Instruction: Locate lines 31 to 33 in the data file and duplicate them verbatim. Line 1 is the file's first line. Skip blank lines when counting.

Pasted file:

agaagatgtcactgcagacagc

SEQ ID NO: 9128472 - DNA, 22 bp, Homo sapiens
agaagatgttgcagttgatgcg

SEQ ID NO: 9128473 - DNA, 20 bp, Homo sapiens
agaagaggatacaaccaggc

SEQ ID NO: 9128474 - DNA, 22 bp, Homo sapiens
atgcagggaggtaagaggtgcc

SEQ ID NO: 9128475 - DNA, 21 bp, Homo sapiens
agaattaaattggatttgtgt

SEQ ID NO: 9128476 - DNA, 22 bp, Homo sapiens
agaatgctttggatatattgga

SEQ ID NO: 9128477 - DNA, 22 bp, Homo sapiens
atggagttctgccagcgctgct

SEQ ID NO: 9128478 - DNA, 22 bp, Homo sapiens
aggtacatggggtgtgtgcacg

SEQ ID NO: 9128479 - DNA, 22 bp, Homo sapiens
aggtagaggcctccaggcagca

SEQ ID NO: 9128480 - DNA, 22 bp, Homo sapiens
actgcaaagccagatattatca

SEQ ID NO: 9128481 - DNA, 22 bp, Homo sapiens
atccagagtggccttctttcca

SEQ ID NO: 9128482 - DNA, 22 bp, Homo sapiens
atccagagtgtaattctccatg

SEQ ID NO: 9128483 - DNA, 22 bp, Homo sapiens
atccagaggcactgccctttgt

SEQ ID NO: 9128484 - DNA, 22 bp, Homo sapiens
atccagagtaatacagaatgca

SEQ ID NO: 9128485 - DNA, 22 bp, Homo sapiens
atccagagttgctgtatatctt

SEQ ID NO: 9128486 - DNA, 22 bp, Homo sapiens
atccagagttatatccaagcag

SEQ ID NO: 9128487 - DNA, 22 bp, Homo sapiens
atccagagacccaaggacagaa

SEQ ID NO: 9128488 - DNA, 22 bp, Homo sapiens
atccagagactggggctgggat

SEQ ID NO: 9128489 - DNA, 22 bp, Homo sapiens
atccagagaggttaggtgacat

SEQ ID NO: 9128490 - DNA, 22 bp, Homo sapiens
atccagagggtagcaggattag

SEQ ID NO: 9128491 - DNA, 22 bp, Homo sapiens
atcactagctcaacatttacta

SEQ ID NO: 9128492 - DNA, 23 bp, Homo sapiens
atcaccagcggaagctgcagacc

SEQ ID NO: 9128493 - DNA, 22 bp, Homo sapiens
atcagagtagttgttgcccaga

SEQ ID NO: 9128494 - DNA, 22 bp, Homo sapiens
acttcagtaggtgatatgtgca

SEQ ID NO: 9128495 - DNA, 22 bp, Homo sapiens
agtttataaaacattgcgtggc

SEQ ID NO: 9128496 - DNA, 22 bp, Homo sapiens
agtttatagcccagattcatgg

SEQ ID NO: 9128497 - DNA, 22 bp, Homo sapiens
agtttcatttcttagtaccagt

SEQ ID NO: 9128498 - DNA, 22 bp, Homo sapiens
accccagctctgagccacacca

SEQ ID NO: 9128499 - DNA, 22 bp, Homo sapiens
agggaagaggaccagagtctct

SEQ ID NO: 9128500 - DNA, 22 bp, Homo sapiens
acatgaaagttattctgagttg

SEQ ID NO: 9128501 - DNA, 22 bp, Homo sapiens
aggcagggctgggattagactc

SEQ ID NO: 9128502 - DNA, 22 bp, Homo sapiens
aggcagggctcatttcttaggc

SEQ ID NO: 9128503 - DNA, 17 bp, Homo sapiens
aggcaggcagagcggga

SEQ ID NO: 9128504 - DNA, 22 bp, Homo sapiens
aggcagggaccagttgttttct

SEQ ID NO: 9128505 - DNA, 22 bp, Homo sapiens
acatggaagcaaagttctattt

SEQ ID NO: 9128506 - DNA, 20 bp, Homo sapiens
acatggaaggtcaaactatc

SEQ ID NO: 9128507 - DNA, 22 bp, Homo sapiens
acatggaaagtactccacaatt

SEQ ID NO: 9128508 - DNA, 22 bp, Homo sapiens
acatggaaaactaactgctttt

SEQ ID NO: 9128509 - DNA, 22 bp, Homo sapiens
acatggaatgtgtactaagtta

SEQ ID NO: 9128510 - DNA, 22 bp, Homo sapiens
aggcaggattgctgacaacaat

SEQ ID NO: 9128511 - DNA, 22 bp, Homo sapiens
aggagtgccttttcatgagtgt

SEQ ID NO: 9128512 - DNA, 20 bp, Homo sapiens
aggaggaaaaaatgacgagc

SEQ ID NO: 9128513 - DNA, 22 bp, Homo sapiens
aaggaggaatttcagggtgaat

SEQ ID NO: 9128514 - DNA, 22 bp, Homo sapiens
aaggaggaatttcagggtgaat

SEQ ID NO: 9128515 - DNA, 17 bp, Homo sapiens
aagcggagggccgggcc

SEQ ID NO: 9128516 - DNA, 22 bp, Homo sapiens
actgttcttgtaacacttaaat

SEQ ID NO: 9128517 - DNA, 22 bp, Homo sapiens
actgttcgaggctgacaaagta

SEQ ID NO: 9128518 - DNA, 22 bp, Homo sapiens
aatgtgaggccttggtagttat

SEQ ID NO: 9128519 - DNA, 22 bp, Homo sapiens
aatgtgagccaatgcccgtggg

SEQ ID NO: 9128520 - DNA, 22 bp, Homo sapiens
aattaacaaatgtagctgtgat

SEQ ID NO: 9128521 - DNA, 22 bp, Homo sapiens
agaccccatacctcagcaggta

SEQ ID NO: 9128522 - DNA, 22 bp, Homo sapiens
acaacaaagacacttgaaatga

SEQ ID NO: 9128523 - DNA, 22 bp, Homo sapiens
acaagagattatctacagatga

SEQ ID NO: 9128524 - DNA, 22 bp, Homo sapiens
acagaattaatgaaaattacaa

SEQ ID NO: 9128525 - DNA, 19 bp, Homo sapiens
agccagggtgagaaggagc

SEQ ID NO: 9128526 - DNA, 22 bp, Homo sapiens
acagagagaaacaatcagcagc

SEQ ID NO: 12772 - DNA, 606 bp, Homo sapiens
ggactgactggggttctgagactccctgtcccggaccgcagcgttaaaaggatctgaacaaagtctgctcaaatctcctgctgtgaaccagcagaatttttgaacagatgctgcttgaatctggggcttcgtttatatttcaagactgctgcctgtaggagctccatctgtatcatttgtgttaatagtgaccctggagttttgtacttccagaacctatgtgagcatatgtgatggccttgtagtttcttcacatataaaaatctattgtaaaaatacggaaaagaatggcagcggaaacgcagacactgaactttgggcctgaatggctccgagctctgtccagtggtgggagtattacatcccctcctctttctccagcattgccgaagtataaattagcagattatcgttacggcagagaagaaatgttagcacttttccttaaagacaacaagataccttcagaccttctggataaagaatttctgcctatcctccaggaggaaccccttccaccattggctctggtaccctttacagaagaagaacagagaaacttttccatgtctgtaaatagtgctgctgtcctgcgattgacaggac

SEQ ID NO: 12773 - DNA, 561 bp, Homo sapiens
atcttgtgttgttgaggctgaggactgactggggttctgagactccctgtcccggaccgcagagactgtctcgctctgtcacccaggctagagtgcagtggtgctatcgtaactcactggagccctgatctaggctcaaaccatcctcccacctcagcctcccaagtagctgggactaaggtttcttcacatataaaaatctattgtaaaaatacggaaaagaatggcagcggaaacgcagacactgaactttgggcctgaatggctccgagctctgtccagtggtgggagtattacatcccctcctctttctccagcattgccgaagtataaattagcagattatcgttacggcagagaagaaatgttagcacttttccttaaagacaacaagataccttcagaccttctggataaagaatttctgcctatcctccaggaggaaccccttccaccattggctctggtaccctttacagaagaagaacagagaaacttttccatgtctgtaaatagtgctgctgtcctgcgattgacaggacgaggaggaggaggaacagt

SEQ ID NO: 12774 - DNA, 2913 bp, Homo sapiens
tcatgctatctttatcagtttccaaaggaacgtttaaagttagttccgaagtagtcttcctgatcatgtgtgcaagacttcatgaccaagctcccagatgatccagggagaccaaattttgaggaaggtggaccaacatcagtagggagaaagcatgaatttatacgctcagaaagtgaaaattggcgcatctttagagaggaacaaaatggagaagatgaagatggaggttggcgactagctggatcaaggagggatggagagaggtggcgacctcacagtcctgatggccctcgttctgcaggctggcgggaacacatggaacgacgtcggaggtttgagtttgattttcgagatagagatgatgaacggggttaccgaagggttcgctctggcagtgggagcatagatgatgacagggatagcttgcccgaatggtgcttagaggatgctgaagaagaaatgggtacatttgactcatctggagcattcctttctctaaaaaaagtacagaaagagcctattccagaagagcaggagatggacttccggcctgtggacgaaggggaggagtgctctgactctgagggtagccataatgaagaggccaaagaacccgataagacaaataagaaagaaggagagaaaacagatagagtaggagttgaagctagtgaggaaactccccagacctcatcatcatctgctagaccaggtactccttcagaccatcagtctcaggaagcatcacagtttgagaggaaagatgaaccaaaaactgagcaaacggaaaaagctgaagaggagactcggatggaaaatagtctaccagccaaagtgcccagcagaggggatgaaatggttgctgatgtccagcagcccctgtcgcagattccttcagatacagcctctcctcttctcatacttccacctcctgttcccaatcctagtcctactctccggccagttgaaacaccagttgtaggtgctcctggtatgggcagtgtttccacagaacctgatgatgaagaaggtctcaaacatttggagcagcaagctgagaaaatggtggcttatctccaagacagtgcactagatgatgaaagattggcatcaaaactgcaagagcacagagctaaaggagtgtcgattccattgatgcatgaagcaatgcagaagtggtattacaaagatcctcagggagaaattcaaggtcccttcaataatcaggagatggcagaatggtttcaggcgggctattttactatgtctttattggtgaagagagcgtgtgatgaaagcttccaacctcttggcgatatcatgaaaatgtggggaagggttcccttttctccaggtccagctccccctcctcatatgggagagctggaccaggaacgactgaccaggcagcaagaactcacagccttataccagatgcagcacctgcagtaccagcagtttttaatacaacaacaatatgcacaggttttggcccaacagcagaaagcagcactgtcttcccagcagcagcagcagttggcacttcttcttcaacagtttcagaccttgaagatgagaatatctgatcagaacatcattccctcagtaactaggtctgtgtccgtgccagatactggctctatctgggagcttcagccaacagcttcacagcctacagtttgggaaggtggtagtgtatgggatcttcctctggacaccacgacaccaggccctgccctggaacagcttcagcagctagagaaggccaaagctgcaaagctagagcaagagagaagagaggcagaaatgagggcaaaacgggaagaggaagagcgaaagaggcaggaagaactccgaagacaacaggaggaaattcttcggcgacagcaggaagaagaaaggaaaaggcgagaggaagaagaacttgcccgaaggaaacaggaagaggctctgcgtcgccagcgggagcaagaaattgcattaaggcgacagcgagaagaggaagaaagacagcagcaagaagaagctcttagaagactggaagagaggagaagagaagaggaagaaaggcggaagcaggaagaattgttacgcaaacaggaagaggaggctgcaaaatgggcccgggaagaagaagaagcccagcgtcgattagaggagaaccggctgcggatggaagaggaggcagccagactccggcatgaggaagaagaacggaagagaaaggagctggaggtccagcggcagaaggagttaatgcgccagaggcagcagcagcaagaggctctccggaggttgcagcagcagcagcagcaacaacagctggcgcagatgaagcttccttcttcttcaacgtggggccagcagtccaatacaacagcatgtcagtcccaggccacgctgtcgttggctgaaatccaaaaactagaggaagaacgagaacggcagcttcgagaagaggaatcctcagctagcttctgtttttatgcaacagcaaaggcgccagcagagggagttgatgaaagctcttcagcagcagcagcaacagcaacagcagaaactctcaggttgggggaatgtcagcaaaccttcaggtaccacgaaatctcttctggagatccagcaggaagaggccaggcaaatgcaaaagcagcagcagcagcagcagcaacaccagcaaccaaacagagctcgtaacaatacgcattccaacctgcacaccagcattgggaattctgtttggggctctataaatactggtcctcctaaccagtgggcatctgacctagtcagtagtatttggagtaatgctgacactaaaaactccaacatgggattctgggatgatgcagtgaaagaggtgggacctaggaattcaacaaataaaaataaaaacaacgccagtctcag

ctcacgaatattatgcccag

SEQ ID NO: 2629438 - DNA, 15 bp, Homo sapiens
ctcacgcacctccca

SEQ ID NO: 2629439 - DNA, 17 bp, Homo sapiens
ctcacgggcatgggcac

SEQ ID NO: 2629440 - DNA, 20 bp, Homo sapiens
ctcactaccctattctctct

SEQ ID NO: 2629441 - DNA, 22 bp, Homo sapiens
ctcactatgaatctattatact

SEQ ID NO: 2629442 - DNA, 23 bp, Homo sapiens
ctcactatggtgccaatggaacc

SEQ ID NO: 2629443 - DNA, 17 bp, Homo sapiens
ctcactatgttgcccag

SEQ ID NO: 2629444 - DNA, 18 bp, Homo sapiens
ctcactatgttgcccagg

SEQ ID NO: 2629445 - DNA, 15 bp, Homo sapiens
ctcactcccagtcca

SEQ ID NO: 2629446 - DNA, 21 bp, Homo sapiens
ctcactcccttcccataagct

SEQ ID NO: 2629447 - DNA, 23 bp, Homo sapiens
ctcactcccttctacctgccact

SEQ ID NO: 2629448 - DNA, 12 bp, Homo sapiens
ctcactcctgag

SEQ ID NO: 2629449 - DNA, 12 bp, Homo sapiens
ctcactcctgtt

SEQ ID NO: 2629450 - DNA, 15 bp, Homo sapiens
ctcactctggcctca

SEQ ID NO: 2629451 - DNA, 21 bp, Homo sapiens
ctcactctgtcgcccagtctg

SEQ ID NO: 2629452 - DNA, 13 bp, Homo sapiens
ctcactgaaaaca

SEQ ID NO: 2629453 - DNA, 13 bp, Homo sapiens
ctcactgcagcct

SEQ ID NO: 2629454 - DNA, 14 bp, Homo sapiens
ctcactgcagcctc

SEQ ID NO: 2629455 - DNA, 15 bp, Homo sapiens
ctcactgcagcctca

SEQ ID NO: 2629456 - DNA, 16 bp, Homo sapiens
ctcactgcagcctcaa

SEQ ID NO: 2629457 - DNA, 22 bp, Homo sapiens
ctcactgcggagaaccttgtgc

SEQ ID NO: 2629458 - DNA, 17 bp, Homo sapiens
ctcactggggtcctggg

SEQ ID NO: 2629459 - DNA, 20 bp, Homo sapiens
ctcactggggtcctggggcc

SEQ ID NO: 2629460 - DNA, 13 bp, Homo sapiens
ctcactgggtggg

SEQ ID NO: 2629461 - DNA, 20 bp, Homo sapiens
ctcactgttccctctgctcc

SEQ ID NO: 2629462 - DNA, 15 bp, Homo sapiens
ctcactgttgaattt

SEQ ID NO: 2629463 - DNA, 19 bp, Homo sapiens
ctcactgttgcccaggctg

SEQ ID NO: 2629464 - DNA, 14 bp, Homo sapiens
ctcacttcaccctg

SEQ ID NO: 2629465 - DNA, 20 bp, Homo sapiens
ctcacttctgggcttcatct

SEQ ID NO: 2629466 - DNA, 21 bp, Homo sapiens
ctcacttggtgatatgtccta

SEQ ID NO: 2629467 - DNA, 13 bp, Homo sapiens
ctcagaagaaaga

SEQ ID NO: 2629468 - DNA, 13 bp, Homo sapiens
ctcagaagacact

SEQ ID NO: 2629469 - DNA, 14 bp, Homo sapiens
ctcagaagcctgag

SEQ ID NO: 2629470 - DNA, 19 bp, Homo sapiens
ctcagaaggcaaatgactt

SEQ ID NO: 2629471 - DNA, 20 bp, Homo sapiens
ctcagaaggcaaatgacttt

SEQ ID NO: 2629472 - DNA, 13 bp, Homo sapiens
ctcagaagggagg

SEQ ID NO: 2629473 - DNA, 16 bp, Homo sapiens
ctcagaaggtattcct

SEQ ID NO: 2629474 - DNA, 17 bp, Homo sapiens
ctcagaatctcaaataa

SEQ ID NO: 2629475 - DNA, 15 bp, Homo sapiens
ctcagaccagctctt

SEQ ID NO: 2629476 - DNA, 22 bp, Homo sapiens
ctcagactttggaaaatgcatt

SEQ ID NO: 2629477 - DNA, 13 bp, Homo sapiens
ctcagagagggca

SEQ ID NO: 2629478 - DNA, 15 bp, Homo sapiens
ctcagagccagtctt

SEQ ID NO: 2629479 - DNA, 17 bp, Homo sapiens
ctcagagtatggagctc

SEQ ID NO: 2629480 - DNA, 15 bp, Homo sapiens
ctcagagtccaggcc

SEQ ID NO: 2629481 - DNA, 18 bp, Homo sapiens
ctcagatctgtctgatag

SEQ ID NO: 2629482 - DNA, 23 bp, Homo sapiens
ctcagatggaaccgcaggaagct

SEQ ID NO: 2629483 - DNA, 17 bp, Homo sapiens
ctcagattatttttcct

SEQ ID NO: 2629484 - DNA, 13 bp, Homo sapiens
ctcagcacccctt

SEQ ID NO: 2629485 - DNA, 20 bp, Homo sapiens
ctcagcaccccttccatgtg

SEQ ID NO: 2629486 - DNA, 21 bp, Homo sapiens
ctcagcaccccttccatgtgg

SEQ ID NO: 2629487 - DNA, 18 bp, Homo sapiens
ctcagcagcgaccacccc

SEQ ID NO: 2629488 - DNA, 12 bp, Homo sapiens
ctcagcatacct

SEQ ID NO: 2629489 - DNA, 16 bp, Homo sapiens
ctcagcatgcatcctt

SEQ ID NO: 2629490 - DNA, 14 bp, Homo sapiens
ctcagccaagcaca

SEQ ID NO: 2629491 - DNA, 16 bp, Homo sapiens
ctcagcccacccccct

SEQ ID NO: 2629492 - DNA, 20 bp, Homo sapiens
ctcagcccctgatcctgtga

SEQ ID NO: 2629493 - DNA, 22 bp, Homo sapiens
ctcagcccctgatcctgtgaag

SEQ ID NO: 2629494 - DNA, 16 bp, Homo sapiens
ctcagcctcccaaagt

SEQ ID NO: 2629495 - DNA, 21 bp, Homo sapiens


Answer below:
atccagagttatatccaagcag

SEQ ID NO: 9128487 - DNA, 22 bp, Homo sapiens
atccagagacccaaggacagaa